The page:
Environmental Politics and Law
About the Course
Can law change human behavior to be less environmentally damaging? Law will be examined through case histories including: environmental effects of national security, pesticides, air pollution, consumer products, plastics, parks and protected area management, land use, urban growth and sprawl, public/private transit, drinking water standards, food safety, and hazardous site restoration. In each case we will review the structure of law and evaluate its strengths and weaknesses.View class sessions »
This Yale College course, taught on campus twice per week for 50 minutes, was recorded for Open Yale Courses in Spring 2010.
Video and audio elements from this course are also available on:
About Professor John Wargo
John Wargo is the Tweedy/Ordway Professor of Environmental Health and Politics, and is Chair of the Yale College Environmental Studies Major. He has written and lectured extensively on the limits and potential of environmental law. He wrote Green Intelligence: Creating Environments that Protect Human Health (Yale Press 2009), which is the primary text used in this course. The book won the Independent Publishers' Gold Medal Award in the field of "environment, ecology, and nature" for 2010 and was chosen as one of Scientific American's favorite books for 2009. He also wrote Our Children's Toxic Legacy: How Science and Law Fail to Protect Us from Pesticides (Yale Press 1998) that won the American Association of Publishers award as the best book in the field of political science. Professor Wargo has participated in several National Academy of Sciences committees, testified before Congress, and been an advisor to the White House, the World Health Organization, the Food and Agriculture Organization, the EPA, USDA, and the Centers for Disease Control and Prevention on environmental threats to health.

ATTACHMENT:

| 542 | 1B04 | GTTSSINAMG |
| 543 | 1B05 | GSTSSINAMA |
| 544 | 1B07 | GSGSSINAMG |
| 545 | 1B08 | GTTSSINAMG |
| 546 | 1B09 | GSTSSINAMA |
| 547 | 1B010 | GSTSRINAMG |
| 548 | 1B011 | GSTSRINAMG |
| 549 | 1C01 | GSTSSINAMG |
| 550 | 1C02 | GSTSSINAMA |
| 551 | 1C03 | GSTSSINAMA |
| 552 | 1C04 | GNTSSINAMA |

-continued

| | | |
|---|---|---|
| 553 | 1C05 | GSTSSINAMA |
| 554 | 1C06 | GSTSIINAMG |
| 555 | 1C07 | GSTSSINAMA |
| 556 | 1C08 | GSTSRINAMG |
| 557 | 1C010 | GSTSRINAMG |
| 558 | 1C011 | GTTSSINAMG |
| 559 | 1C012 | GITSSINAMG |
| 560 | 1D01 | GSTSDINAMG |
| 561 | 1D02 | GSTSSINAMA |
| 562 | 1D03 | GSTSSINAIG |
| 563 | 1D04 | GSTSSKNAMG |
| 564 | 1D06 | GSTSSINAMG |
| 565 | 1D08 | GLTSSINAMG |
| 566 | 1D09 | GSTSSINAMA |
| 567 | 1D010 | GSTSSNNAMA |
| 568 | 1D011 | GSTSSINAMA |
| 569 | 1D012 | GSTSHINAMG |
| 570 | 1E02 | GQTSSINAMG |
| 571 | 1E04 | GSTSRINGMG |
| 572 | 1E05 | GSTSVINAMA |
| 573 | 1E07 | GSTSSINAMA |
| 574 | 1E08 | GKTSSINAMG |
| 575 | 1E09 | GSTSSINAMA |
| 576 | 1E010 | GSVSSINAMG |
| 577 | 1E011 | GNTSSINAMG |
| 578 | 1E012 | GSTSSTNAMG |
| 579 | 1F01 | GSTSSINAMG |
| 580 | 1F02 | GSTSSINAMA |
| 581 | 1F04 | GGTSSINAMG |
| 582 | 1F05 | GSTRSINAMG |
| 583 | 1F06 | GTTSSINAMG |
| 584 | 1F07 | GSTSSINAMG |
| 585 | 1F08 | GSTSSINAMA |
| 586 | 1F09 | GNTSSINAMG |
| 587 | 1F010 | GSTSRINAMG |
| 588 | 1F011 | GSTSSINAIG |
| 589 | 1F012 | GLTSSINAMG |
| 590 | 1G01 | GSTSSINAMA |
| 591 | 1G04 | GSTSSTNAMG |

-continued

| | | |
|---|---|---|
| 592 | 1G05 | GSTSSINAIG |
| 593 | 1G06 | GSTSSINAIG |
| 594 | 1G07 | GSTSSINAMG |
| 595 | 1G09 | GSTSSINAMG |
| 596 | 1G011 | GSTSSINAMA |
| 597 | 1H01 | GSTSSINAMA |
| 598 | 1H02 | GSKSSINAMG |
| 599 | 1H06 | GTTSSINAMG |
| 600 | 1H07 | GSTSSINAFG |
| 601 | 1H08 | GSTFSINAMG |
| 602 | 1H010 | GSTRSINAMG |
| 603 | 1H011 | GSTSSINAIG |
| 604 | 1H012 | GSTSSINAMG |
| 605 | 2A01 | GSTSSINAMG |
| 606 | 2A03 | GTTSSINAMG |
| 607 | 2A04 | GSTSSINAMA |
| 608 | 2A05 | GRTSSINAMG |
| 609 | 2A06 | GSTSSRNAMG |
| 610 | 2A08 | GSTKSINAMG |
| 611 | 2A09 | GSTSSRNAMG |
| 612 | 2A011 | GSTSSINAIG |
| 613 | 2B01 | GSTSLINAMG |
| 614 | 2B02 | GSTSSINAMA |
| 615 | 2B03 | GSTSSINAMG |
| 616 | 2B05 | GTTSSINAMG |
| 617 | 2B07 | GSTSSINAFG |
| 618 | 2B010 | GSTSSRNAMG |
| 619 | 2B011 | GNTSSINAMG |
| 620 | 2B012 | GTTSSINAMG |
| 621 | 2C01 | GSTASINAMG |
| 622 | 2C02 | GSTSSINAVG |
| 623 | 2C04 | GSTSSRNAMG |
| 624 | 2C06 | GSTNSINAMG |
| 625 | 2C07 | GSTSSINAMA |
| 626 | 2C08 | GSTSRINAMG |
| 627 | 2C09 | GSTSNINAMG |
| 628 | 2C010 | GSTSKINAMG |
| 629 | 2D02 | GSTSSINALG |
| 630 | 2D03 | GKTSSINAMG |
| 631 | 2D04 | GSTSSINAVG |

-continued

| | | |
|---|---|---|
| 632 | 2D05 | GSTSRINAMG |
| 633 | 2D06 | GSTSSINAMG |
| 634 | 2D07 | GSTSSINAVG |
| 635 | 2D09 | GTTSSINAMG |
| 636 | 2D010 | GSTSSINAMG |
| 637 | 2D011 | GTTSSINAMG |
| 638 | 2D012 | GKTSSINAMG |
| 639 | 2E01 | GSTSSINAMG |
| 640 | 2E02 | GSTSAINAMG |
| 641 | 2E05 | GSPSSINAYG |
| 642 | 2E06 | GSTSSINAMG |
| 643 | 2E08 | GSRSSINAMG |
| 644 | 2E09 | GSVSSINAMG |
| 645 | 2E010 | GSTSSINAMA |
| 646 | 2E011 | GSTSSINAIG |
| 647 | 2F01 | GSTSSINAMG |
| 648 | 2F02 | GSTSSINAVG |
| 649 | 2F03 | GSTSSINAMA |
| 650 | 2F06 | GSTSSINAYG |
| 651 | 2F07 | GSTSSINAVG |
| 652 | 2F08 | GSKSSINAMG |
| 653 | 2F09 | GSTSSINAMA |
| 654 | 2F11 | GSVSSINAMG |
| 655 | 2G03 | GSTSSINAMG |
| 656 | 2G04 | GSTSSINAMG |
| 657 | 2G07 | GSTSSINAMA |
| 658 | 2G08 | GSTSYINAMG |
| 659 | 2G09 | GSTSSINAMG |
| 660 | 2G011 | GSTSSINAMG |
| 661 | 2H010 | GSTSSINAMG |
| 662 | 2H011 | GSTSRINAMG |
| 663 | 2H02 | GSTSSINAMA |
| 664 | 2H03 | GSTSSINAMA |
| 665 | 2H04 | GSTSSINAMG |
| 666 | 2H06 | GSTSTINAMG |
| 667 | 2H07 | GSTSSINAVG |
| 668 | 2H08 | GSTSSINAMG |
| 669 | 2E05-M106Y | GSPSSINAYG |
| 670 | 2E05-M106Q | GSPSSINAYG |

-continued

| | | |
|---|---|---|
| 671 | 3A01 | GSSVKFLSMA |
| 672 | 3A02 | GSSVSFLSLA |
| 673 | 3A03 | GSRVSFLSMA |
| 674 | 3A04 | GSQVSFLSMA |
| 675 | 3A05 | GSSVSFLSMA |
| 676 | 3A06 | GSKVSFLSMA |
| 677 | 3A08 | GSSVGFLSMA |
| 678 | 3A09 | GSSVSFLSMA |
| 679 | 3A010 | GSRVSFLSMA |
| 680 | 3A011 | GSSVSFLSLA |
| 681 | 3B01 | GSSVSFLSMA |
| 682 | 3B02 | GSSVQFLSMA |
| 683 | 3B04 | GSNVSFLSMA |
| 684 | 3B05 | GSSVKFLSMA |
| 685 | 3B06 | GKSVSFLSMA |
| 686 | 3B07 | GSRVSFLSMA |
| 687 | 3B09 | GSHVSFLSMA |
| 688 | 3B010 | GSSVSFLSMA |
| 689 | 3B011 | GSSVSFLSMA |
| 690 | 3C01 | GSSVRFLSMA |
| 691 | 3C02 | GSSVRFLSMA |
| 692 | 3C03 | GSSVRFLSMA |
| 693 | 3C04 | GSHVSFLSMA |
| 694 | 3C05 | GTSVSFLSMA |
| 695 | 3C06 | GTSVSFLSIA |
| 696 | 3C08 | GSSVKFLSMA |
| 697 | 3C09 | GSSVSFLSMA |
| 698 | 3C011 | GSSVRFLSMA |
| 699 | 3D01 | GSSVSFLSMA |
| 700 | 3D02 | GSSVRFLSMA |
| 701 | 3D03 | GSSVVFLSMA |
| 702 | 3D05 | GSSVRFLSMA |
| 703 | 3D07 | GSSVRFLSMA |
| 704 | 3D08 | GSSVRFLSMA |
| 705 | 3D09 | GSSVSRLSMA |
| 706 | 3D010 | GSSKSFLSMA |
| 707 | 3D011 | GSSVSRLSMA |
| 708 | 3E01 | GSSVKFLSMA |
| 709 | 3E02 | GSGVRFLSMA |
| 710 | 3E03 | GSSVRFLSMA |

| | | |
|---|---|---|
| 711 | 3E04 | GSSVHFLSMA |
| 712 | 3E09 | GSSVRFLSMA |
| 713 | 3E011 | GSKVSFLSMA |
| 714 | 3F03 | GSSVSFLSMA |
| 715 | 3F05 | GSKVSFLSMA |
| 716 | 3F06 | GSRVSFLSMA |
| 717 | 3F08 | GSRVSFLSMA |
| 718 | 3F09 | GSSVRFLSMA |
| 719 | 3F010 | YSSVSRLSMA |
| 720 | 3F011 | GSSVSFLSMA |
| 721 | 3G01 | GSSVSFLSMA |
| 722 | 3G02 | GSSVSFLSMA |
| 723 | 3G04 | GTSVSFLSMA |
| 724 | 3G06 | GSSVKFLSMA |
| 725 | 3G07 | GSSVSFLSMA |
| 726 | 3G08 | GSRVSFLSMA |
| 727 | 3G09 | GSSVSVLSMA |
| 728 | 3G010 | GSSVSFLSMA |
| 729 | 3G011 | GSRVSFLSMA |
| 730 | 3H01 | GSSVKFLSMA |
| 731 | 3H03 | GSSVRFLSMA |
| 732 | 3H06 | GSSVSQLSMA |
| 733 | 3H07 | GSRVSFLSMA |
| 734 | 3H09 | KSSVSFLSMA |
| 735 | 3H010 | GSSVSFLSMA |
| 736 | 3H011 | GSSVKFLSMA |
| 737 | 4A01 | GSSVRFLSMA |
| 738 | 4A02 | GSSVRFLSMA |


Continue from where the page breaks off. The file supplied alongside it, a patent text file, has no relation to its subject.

John Wargo, Tweedy/Ordway Professor of Environmental Health and Politics
Can law change human behavior to be less environmentally damaging? Law will be examined through case histories including: environmental effects of national security, pesticides, air pollution, consumer products, plastics, parks and protected area management, land use, urban growth and sprawl, public/private transit, drinking water standards, food safety, and hazardous site restoration. In each case we will review the structure of law and evaluate its strengths and weaknesses.
Kessler, David. A Question of Intent. New York: Public Affairs, 2002.
Pollan, Michael. The Omnivore's Dilemma. New York: Penguin, 2007.
Wargo, John. Green Intelligence. New Haven, CT: Yale University Press, 2009.
Weinberg, Philip, and Kevin Reilly. Understanding Environmental Law. 2nd ed. Lexis Nexis Press, 2008.
Students will complete a take-home midterm and a take-home final examination, but may substitute a short research paper for the midterm. Students will also prepare several short assignments to prepare for section and interpret readings.
Final Examination: 40%
Paper or Midterm: 50%
Discussion Section: 10%
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Join a Study Group
Through a pilot arrangement with Open Yale Courses, OpenStudy offers tools to participate in online study groups for a selection of Open Yale Courses, including EVST 255. If you wish to participate in one of these study groups, you will need to register for a free account with OpenStudy.View study group
Course Books and Other Related Titles
Yale University Press offers a 10% discount on the books used in EVST 255 that it publishes, as well as on other related titles. A portion of the proceeds from your purchases will be donated for the ongoing support and development of the Open Yale Courses program.View the catalog for this course